Finance Minister Joe Oliver tabled the Harper Government’s 10th federal budget in the House of Commons on April 21 where he presented the government’s view on the document. Dubbed the “Economic Action Plan 2015,” the budget has been named by the government “Strong Leadership: A Balanced-Budget, Low-Tax Plan for Jobs, Growth and Security.”
Announcing new funding for the Canadian Security Intelligence Service (CSIS), RCMP and Canadian Border Services Agency (CBSA), Oliver used the budget speech to repeat the government’s refrain. “The jihadist terrorists who proclaimed a so-called caliphate in the Middle East have declared war on Canada and Canadians by name. In response, we have taken up the fight both overseas and here at home,” he said.
Roughly $439 million was announced in the federal budget for “counter-terrorism investigations and increased security for Parliament Hill, the Supreme Court of Canada and protection of the interconnected critical infrastructure that forms the nation’s economic and societal backbone,” the Ottawa Citizen reported. Of this $293 million over five years will go to the RCMP, CSIS and CBSA, and $36 million is to be spent on protection of “critical infrastructure” including energy, communications, banking and transportation. The Security Intelligence Review Committee (SIRC), which is responible for conducting reviews of CSIS activities, fielding complaints and issuing reports, will receive another $12.5 million over five years.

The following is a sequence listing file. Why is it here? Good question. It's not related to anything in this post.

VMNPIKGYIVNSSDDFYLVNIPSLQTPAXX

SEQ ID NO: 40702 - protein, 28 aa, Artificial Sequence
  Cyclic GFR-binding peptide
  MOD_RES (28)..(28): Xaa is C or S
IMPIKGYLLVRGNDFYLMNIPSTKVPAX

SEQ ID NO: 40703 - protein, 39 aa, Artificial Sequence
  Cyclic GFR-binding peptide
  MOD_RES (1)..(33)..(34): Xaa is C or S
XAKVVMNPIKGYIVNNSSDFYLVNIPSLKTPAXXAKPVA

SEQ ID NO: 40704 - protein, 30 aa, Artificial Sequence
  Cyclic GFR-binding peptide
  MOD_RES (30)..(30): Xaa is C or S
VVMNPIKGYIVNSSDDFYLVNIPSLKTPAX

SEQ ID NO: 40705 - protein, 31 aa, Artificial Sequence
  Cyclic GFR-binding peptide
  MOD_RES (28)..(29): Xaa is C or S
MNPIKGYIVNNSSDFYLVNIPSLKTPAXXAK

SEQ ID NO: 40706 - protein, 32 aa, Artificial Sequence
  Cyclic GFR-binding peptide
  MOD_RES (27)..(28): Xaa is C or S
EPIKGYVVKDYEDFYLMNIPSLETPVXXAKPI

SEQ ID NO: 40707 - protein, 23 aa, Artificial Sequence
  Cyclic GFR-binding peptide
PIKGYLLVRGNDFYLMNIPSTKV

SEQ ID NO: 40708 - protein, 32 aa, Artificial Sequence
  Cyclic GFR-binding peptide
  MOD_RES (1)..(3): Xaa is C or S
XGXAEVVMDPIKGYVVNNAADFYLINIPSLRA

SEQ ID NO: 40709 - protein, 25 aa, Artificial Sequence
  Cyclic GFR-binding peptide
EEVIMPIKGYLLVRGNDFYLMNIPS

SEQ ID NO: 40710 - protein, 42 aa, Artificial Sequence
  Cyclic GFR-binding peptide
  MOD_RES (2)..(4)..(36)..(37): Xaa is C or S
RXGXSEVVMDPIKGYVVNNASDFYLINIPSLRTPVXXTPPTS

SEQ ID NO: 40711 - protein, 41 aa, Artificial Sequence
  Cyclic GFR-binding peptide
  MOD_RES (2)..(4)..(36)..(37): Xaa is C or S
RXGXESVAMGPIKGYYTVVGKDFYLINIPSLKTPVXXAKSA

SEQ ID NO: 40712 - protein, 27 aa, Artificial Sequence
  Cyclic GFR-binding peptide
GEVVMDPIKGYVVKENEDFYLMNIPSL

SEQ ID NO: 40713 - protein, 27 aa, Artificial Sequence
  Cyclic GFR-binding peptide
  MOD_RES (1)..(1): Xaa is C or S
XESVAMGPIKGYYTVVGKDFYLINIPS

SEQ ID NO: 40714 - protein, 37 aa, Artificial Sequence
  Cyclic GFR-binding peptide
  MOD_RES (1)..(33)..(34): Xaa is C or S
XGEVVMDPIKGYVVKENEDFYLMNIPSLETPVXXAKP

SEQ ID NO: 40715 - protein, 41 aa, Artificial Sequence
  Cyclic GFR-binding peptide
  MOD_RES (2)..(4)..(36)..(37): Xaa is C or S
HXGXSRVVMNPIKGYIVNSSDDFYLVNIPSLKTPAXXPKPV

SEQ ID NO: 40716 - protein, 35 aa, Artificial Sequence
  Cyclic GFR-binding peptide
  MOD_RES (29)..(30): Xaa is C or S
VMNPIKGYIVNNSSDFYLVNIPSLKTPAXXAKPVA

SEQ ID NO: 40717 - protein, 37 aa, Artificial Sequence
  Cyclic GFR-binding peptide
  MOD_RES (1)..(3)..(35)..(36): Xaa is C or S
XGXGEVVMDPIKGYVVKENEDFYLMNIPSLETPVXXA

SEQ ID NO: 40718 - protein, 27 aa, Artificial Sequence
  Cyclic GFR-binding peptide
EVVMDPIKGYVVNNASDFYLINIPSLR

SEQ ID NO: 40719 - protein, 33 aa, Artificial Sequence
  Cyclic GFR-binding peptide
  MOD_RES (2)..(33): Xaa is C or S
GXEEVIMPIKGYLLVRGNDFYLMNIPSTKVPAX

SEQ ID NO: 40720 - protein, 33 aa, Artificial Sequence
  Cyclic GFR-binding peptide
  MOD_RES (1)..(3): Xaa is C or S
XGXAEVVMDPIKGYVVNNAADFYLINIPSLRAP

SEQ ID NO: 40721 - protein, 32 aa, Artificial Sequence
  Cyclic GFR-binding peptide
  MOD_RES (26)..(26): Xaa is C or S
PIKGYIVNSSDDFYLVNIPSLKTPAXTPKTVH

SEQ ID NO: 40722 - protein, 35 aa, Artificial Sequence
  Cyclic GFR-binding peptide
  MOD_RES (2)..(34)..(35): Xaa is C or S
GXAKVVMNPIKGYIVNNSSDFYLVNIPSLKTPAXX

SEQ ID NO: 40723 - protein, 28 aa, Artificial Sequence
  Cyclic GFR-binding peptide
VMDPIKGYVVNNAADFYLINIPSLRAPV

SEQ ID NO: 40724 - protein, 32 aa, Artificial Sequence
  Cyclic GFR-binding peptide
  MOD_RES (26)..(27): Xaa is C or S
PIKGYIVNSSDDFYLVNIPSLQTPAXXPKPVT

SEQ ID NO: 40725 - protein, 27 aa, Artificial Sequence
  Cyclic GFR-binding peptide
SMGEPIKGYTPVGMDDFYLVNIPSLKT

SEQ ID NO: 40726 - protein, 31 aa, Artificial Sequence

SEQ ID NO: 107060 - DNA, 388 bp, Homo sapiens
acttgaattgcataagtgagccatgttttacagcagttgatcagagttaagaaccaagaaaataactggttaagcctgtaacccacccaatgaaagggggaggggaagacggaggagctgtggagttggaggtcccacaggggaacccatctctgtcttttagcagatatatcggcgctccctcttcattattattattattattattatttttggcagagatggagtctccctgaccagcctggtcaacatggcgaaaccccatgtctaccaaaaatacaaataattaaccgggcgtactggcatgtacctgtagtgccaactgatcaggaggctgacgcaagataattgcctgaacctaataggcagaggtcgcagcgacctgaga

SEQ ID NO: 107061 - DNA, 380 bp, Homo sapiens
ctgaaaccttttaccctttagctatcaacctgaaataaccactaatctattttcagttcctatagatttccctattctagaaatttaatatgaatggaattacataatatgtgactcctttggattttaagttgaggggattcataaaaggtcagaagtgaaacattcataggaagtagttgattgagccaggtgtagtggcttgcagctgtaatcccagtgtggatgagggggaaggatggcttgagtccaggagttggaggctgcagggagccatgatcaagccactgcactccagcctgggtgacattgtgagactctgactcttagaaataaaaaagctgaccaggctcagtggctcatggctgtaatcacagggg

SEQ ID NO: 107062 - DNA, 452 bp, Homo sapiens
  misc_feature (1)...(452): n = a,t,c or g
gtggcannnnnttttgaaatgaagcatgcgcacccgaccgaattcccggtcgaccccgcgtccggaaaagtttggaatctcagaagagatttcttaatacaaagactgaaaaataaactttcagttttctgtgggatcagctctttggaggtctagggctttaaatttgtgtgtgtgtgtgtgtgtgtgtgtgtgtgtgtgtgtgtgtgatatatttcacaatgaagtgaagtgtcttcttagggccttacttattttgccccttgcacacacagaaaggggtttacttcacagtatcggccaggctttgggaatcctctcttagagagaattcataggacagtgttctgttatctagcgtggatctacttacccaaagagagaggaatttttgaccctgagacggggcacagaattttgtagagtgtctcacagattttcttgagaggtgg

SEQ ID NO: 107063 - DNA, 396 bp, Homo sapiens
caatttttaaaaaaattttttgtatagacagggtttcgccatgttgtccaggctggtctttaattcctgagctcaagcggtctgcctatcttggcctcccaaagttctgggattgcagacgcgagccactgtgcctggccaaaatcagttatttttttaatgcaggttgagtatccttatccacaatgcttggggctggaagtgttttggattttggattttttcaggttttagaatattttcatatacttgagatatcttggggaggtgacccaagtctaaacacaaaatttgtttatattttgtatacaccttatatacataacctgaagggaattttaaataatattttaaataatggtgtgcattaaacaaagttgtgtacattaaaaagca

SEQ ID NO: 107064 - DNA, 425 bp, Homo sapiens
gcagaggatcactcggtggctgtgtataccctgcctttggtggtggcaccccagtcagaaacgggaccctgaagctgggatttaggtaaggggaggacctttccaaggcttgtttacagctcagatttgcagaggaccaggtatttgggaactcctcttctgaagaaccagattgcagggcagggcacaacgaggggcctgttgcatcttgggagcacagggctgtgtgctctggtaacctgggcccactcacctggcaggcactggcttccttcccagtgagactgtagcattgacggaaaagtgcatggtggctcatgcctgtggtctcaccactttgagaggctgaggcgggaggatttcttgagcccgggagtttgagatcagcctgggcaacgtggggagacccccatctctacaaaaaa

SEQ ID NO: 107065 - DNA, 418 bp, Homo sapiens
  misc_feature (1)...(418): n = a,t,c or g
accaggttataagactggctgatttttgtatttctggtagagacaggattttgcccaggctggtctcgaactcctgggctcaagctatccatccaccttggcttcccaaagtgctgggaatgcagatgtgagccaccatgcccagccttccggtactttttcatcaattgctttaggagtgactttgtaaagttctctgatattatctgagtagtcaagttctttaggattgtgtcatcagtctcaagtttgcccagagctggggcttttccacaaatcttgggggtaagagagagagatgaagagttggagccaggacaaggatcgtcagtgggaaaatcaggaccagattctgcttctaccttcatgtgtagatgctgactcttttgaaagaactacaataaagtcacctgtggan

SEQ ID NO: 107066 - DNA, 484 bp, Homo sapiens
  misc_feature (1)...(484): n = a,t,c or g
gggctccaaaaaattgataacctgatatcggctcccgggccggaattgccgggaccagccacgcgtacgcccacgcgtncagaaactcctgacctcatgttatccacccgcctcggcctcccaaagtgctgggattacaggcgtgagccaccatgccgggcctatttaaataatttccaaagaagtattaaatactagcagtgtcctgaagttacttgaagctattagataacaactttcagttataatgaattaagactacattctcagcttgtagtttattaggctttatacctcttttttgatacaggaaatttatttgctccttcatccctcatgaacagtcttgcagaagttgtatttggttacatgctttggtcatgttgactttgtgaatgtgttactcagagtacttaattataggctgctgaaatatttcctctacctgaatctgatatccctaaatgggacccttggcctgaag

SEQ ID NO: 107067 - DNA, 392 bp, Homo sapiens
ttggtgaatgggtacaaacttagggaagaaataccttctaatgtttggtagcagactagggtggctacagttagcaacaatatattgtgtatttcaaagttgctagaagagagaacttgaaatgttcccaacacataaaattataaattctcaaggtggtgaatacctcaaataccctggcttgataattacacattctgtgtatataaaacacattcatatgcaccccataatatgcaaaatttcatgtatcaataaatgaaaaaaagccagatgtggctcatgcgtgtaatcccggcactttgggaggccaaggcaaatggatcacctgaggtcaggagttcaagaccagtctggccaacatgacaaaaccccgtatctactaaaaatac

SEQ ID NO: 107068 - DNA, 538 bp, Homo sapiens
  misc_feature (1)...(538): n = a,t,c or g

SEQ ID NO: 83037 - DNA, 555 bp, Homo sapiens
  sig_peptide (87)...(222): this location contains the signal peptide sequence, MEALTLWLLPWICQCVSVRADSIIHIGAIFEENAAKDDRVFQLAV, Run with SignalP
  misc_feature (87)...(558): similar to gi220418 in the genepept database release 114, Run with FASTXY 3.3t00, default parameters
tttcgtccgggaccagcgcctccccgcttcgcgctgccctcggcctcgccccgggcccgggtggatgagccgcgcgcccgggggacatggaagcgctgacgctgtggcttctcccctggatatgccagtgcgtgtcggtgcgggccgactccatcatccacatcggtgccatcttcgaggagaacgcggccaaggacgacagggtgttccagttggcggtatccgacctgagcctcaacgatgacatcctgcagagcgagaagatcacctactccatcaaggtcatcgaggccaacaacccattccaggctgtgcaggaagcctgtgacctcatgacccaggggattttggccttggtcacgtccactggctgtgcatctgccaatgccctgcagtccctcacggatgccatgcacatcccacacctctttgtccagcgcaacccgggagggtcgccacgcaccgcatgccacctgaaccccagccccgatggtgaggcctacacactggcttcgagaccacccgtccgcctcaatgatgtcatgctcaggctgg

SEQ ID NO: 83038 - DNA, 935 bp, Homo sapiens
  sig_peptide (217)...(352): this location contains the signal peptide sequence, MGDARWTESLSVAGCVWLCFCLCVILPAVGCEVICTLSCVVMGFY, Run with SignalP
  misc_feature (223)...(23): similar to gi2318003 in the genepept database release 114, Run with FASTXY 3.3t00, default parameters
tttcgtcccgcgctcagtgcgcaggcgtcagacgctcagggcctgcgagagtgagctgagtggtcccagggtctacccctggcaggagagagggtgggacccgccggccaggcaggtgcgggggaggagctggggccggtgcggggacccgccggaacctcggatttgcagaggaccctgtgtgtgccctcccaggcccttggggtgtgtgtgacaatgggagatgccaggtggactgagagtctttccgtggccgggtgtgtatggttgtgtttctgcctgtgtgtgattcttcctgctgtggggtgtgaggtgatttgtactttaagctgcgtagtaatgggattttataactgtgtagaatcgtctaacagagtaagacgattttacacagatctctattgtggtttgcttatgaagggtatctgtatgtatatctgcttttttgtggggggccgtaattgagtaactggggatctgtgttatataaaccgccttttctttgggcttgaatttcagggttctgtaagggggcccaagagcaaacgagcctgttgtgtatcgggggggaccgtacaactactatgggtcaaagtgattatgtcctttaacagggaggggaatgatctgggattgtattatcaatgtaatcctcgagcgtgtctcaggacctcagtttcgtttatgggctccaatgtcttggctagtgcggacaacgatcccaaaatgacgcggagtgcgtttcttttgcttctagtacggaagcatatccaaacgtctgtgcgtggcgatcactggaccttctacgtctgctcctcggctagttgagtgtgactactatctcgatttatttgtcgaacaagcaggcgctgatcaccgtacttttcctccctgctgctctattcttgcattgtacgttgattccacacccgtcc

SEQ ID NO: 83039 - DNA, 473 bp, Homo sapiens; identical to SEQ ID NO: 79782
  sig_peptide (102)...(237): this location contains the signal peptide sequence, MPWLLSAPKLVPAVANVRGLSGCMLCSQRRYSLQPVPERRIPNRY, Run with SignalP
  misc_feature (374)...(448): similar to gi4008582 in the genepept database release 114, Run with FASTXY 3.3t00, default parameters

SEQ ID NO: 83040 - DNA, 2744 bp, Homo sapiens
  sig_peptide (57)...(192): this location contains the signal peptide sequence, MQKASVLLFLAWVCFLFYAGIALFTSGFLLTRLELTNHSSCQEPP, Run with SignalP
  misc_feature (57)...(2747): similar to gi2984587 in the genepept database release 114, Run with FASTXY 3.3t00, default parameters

At a March 6 meeting of the House of Commons Standing Committee on Public Safety and National Security, RCMP Commissioner Robert Paulson stated that 600 police officers had been removed from investigating organized crime, illegal drugs and financial illegalities to work full time on counter-terrorism. He said it was “an unprecedented realignment” of resources. In an interview with Evan Solomon on CBC Radio that aired the next day, Paulson added that 870 people are now working on the file. He stated that “we’ve sidelined about 321 significant criminal investigations.”
Part of the new funding will go towards RCMP “counter-radicalization” efforts which target youth using community and police intervention to attempt to prevent them from adopting what the government calls “terrorist” or “radical” ideologies or outlooks. The budget’s increased CSIS, RCMP and CBSA funding comes as Bill C-51, Anti-Terrorism Act, 2015 is awaiting third reading in the House of Commons.
Opposition to the bill continues to grow, with Canadians denouncing it as a violation of rights and stepping up their efforts for its defeat. Two successful Days of Action, on March 14 and April 18 affirmed that the kind of country Canadians want is not one that sacrifices rights in the name of security or claims security comes from the power and impunity of police agencies. These actions affirmed that our security lies in our fight for the rights of all, not in Bill C-51 or a federal budget that does nothing to solve the problems Canadians face.
Source: Renewal Update